And as I walk around, I have no idea who is who.
So I have a choice. Succumb to the tidal wave of bitterness that threatens to overwhelm me? See the glass as half empty, see everyone as a potential Nazi Gay-hating jerk?
Or see the good? Believe the glass is half-full? Take heart at the progress Gay Americans have made in such a relatively short time, compared to the slow progress of public opinion in "approving" interracial marriage?
It was 1948 when the California Supreme Court finally struck down the laws against interracial marriage. (The U.S. Supreme Court didn't do it until 1967.) But a majority of voters did not approve of interracial marriage until 1991.
By contrast, it was just this past May 16, 2008 when the California Supreme Court struck down the laws against Same-Gender marriage. And it appears that yesterday, November 4, 2008, we lost 52% to 48%. It was close.
And when you break the statistics available right now on yesterday's Prop 8 vote down by age, it's clear that there is a generational shift. Older voters (those 65 and older) voted for the measure 61% in favor to 39% against. But 18-29 year olds voted 61% against the referendum to 39% for it! An exact flip.
Time is on our side. The younger generations "get it," and when the old people die off and stop voting, and more young people come of age to vote, we Gay Americans will get our rights.
And while it would be easy to just be kind to everyone under 30 until then, and suspect everyone older than that, sort of like I did on my trip to Kassel, Germany, that's not really practical.
And not really me.
Now I know that the people who voted against my marriage aren't necessarily EVIL. And I'm not saying I think they want me dead, or that they are Nazis. (Though I do believe many of them would be happier if Gay Americans went back to our closets and everyone pretended to be straight and religious just like them.)
What I am saying is that the people who voted against my marriage have already voted on their moral dilemma. And they were clear: they don't want me to have the same civil rights as they do. They want our government's laws to be applied according to their own religious beliefs - and they believe that civil laws should be applied differently according to who you are. That belief in discrimination is a dangerous, slippery slope.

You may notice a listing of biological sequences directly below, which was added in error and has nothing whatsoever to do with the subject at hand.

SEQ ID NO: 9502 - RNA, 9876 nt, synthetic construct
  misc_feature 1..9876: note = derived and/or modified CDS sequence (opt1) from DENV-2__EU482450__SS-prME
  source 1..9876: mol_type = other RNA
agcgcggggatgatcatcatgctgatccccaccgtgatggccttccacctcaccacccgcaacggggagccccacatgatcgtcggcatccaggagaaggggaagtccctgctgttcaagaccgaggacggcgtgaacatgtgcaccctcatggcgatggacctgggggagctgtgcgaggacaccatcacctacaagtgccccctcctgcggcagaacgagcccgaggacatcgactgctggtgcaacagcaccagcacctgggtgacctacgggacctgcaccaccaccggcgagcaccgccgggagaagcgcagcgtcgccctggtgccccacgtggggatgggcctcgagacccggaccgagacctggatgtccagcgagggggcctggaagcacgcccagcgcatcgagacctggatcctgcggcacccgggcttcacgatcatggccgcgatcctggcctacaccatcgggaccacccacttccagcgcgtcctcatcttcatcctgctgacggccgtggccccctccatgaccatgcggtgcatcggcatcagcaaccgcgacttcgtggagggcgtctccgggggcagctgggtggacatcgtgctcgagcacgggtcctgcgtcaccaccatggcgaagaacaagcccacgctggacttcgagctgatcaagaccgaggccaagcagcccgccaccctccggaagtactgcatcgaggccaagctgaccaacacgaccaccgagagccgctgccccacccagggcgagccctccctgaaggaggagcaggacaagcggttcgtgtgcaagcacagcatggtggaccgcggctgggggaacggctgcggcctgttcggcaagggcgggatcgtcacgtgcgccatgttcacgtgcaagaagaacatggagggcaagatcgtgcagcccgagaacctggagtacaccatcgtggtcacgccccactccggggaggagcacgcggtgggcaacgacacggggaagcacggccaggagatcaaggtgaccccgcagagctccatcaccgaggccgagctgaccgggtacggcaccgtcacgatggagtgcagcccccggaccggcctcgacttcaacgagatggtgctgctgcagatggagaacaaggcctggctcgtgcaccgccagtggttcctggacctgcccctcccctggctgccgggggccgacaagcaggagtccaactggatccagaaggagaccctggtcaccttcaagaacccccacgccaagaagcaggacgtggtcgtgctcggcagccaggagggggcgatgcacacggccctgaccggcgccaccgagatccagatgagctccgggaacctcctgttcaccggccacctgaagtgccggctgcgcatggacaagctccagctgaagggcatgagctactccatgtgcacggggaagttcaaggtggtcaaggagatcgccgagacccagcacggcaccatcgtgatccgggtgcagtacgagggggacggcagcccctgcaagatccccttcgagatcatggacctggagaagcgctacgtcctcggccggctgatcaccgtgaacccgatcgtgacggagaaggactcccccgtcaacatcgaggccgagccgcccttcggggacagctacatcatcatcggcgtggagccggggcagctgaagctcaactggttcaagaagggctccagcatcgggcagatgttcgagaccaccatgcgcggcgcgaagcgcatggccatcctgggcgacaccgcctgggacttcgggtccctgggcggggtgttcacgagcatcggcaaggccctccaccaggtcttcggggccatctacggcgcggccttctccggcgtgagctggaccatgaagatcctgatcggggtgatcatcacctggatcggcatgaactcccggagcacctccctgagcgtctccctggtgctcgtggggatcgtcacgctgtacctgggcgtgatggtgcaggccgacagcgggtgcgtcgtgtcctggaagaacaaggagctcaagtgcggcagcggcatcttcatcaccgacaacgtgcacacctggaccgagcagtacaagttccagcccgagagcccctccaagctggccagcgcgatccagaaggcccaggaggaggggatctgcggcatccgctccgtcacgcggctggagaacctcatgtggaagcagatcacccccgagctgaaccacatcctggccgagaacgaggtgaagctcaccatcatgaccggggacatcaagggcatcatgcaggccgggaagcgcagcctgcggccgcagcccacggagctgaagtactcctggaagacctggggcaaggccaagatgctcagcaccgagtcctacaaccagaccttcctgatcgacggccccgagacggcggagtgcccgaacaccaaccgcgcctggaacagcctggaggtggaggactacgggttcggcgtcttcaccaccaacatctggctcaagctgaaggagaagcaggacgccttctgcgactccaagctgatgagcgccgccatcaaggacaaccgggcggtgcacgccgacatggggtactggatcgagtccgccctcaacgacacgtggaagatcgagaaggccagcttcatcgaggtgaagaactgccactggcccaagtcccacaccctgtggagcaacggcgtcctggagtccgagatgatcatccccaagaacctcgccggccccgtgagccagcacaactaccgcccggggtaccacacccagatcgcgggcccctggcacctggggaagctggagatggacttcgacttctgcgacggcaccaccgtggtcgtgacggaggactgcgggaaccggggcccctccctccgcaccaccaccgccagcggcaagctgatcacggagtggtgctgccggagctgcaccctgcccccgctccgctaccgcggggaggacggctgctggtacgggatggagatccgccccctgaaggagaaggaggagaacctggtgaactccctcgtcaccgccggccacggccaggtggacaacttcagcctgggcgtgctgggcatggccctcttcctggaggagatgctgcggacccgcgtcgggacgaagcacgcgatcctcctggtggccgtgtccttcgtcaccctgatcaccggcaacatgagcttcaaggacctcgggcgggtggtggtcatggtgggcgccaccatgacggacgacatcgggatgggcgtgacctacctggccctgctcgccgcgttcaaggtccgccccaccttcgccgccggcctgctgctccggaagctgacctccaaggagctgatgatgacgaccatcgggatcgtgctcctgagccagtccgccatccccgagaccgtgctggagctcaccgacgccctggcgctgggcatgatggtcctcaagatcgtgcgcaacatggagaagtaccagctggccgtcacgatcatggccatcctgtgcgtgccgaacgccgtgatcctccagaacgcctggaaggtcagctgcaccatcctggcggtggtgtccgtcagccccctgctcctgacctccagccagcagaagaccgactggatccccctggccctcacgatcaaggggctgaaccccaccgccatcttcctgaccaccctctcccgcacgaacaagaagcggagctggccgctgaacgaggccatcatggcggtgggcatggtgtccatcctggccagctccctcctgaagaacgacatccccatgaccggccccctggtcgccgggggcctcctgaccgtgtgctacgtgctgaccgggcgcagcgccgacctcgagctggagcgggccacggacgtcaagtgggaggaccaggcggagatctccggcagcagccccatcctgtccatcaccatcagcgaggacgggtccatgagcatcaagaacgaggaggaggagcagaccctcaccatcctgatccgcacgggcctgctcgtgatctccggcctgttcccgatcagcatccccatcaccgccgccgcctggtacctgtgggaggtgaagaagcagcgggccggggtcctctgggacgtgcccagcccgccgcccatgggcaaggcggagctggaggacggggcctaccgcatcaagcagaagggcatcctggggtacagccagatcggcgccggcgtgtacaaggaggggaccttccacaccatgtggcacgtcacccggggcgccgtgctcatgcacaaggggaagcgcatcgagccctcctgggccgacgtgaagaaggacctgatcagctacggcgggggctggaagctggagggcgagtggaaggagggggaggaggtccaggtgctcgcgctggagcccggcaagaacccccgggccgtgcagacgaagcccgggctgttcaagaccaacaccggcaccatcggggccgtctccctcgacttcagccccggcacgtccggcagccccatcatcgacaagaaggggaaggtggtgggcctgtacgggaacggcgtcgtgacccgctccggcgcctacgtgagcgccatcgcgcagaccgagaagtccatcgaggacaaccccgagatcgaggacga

We should all remember that The Nuremberg Laws (laws that stripped Jewish Germans of their rights and, ultimately, of their citizenship) started in 1935, four years before Germany invaded Poland and WWII began.
A blogging friend asked me if I wanted to move to Canada where they respect Gay couples and give them federal marriage rights, and this was my response:
Thanks Andrea, I agree with you that Canada rocks!
But I'm not moving anywhere - even if Prop 8 passes, and my legal marriage slips into some kind of limbo/lawsuit realm, I will STAY and FIGHT for my rights. We will CHANGE this country for the better, and the WORLD for the better. President Obama will lead us in a better direction, and all of us fair minded people that believe Gay people should have equal rights will have to rise up and lead the leaders on this one.
It kind of goes back to the conversation about an all-gay high school or an all-bully high school. Every school should be safe for gay kids - if the bullies don't like it, let's make a special school for them. Similarly, if the bigots don't like the inevitable shift towards equal rights for all (including Gay Americans) they're welcome to move to Saudi Arabia, or Iran, or somewhere that's TRULY a theocracy - and maybe then they'll realize that having religious beliefs trump civil rights isn't such a grand idea after all.
So I'm heading out Today, and my character will be put to the test. I just hope I am able to be the man I aspire to be - someone who sees the glass as half-full, and is ready to stand up proud to demand - and work - until the rest of the glass is filled!
And in the words of my HUSBAND (hear that, world?), when he heard the news:
"We're not going to be pussies. We're going to be warriors."
See why I married him?
Wish us luck. We've got a long road ahead.